The three financial statements are: (1) the Income Statement, (2) the Balance Sheet, and (3) the Cash Flow Statement. These three core statements are intricately linked to each other.

Income statement

Often, the first place an investor or analyst will look is the income statement. The income statement shows the performance of the business throughout each period, displaying sales revenue at the very top. The statement then deducts the cost of goods sold (COGS) to find gross profit. From there, the gross profit is affected by other operating expenses and income, depending on the nature of the business, to reach net income at the bottom – “the bottom line” for the business.

Key features:

  • Shows the revenues and expenses of a business
  • Expressed over a period of time (i.e., 1 year, 1 quarter, Year-to-Date, etc.)
  • Uses accounting principles such as matching and accruals to represent figures (not presented on a cash basis)
  • Used to assess profitability

Balance sheet

The balance sheet displays the company’s assets, liabilities, and shareholders’ equity. As commonly known, assets must equal liabilities plus equity. The asset section begins with cash and equivalents, which should equal the balance found at the end of the cash flow statement. The balance sheet then displays the changes in each major account. Net income from the income statement flows into the balance sheet as a change in retained earnings (adjusted for payment of dividends).

Key features:

  • Shows the financial position of a business
  • Expressed as a “snapshot” or financial picture of the company at a specified point in time (i.e., as of December 12, 2017)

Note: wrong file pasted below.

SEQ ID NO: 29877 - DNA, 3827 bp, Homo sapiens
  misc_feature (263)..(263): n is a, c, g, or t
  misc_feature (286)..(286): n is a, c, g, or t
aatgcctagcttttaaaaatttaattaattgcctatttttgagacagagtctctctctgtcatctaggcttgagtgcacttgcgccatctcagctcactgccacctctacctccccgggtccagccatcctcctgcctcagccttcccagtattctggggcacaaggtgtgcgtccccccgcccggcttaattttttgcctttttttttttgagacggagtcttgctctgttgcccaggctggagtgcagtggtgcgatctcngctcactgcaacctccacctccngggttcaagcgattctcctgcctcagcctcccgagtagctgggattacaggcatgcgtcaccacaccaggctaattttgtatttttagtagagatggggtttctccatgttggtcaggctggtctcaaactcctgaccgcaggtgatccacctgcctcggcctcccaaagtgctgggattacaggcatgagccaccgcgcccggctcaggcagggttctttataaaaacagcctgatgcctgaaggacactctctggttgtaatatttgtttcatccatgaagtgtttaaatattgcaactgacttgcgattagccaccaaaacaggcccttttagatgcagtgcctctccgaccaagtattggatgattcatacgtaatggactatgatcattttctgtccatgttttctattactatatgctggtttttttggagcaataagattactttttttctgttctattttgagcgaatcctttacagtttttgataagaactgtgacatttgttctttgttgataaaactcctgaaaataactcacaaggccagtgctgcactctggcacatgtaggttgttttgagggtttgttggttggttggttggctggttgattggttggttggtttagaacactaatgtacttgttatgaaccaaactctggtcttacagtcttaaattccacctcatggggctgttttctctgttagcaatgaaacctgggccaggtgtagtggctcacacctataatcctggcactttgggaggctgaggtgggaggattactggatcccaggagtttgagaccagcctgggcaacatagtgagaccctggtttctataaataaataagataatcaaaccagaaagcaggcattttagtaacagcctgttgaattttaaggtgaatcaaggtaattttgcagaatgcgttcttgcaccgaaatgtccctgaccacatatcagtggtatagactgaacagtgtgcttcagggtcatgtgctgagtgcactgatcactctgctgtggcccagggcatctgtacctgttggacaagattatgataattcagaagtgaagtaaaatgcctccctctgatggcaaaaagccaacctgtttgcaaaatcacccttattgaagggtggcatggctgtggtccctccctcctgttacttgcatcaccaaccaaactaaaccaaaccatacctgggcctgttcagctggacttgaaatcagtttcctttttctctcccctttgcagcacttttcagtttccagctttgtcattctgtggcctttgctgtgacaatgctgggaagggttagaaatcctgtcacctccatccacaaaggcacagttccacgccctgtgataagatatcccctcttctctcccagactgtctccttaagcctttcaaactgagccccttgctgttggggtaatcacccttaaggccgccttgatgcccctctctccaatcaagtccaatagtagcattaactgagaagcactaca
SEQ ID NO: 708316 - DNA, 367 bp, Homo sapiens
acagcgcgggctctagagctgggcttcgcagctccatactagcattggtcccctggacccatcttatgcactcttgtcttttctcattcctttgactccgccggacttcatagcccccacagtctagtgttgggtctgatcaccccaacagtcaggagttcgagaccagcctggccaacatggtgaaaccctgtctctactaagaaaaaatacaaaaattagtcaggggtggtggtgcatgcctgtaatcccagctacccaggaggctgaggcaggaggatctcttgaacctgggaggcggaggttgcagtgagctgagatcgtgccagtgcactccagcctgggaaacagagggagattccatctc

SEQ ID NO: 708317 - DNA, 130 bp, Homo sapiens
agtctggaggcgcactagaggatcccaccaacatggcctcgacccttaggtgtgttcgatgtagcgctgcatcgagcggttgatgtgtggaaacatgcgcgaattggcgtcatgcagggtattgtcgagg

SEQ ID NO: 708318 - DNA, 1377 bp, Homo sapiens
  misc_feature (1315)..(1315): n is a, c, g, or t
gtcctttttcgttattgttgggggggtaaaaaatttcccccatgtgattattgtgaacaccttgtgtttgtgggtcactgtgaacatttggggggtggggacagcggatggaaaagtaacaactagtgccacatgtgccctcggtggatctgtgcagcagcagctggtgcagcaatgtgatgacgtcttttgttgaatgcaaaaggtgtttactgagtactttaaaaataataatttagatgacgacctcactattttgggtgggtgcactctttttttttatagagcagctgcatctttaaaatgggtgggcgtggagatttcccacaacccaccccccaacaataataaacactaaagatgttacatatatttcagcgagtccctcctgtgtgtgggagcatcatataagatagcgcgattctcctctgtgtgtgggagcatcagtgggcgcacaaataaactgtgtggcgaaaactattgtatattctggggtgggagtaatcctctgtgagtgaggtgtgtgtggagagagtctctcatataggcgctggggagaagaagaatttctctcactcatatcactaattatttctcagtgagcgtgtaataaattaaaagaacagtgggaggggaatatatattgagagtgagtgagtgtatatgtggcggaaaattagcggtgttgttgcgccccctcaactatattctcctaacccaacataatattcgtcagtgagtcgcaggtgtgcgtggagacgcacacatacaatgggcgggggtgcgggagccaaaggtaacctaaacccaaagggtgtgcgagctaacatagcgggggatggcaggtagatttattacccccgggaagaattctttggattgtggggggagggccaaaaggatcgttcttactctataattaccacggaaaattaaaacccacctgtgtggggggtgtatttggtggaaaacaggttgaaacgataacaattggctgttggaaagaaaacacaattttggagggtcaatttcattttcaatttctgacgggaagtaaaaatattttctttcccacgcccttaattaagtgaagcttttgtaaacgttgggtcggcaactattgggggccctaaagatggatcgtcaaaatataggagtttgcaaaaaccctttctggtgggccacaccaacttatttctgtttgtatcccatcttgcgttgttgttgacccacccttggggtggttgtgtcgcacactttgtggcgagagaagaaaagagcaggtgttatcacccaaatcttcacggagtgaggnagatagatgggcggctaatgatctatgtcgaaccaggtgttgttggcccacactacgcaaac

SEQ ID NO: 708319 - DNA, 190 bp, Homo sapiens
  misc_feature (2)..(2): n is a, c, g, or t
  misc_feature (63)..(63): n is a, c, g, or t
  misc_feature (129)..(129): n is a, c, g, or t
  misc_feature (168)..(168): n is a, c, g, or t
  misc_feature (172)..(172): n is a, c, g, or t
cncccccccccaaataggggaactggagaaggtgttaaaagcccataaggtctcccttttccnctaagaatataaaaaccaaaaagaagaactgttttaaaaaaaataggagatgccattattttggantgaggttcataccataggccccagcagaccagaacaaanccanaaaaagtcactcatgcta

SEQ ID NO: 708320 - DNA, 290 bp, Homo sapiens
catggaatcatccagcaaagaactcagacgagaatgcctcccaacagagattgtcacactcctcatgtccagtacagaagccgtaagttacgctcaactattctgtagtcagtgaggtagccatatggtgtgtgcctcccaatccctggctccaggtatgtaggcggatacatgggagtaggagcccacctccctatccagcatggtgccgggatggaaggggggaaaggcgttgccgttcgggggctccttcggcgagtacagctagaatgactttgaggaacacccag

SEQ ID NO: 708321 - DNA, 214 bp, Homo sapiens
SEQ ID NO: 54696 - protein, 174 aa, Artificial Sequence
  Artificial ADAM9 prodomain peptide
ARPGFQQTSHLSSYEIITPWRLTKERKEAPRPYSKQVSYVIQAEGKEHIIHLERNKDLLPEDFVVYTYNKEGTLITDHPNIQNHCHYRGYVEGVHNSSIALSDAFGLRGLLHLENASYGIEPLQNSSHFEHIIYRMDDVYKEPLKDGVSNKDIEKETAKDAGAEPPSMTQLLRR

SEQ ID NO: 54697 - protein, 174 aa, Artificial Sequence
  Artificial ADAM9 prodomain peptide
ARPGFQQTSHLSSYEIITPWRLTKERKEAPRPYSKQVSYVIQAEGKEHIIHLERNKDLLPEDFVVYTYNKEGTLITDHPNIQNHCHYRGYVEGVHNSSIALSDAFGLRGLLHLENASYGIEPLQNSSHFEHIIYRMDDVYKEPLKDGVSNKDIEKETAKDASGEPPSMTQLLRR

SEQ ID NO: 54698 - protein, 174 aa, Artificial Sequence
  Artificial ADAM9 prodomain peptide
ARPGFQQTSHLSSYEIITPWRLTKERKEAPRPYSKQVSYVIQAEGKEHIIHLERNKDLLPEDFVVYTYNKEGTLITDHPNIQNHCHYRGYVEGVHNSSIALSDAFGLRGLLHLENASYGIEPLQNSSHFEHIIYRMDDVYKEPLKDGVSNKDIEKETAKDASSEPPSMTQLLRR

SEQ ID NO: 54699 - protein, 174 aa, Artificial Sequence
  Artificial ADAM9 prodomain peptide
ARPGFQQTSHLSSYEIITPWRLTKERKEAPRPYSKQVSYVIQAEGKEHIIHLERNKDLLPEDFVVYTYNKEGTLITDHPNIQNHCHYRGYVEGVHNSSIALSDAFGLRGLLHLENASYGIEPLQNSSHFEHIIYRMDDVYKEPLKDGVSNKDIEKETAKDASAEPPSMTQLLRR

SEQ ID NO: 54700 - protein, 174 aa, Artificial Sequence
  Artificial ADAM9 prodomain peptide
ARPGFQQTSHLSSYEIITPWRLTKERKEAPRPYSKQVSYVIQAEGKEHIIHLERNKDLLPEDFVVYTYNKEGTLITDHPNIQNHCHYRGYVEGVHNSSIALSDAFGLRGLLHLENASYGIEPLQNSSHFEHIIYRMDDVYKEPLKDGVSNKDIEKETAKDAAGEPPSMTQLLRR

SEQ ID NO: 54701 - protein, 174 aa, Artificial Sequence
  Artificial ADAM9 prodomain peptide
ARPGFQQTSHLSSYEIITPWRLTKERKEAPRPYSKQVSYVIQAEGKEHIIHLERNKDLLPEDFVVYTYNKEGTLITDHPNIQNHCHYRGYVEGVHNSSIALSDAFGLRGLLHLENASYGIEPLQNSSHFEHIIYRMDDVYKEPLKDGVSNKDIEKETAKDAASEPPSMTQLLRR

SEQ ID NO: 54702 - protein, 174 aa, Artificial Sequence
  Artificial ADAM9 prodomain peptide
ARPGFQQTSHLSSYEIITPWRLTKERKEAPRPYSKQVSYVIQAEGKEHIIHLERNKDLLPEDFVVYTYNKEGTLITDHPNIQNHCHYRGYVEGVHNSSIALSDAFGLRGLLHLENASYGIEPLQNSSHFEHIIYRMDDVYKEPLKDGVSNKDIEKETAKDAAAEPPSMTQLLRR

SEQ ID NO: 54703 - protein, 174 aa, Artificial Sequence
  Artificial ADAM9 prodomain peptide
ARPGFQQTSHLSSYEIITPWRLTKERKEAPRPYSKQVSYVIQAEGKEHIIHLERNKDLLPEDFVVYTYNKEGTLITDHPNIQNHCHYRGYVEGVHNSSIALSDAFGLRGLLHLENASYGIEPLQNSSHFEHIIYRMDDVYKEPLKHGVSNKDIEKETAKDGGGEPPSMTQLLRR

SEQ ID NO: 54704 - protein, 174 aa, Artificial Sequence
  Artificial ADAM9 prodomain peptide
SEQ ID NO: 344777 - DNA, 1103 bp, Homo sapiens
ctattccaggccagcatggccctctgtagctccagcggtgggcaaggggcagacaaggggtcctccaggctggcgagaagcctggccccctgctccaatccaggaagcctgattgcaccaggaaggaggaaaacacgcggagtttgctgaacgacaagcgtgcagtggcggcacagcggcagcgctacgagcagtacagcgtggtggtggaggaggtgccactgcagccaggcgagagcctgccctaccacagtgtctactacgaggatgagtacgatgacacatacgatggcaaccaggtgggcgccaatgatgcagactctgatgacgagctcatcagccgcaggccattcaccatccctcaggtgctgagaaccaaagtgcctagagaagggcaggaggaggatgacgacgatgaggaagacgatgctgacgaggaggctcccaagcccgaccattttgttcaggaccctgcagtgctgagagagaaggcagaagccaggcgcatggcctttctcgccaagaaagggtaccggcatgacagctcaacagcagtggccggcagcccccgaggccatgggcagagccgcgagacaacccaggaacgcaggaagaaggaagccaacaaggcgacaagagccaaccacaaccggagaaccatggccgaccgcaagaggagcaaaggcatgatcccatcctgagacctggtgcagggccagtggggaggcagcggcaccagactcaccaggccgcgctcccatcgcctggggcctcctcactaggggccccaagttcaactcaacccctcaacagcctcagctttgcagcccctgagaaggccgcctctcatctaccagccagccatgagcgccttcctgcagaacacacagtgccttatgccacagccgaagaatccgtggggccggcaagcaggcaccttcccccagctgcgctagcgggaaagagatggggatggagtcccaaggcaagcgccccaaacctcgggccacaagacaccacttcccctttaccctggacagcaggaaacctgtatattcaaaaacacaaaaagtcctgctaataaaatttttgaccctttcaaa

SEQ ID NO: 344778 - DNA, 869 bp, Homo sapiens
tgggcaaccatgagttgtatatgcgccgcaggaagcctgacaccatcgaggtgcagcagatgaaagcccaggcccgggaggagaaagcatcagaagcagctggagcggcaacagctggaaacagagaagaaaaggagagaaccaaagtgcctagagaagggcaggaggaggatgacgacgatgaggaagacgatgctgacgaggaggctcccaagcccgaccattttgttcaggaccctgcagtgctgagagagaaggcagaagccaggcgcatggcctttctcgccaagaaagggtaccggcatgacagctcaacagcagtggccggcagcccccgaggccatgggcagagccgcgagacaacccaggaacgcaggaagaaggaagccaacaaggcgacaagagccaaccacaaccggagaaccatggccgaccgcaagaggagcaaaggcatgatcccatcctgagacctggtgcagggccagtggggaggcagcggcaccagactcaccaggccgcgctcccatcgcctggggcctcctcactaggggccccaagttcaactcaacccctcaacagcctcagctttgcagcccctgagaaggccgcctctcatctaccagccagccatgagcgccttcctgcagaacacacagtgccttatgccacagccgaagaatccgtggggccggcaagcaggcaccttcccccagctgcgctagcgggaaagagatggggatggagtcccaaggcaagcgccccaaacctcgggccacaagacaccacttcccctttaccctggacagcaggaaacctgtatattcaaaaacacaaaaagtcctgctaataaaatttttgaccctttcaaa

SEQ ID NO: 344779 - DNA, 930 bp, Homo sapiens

• Has three sections: assets, liabilities, and shareholders equity
  • Assets = Liabilities + Shareholders Equity

Cash flow statement

The cash flow statement then takes net income and adjusts it for any non-cash expenses. Then, using changes in the balance sheet, usage and receipt of cash is found. The cash flow statement displays the change in cash per period, as well as the beginning balance and ending balance of cash.

Key features:

  • Shows the increases and decreases in cash
  • Expressed over a period of time, an accounting period (i.e., 1 year, 1 quarter, Year-to-Date, etc.)
  • Undoes all accounting principles to show pure cash movements
  • Has three sections: cash from operations, cash used in investing, and cash from financing
  • Shows the net change in the cash balance from start to end of the period
3 financial accounting statements
The 3 statements are intricately linked

Summary comparison

 Income StatementBalance SheetCash Flow
TimePeriod of timeA point in timePeriod of time
PurposeProfitabilityFinancial positionCash movements
MeasuresRevenue, expenses, profitabilityAssets, liabilities, shareholders’ equityIncreases and decreases in cash
Starting PointRevenueCash balanceNet income
Ending PointNet incomeRetained earningsCash balance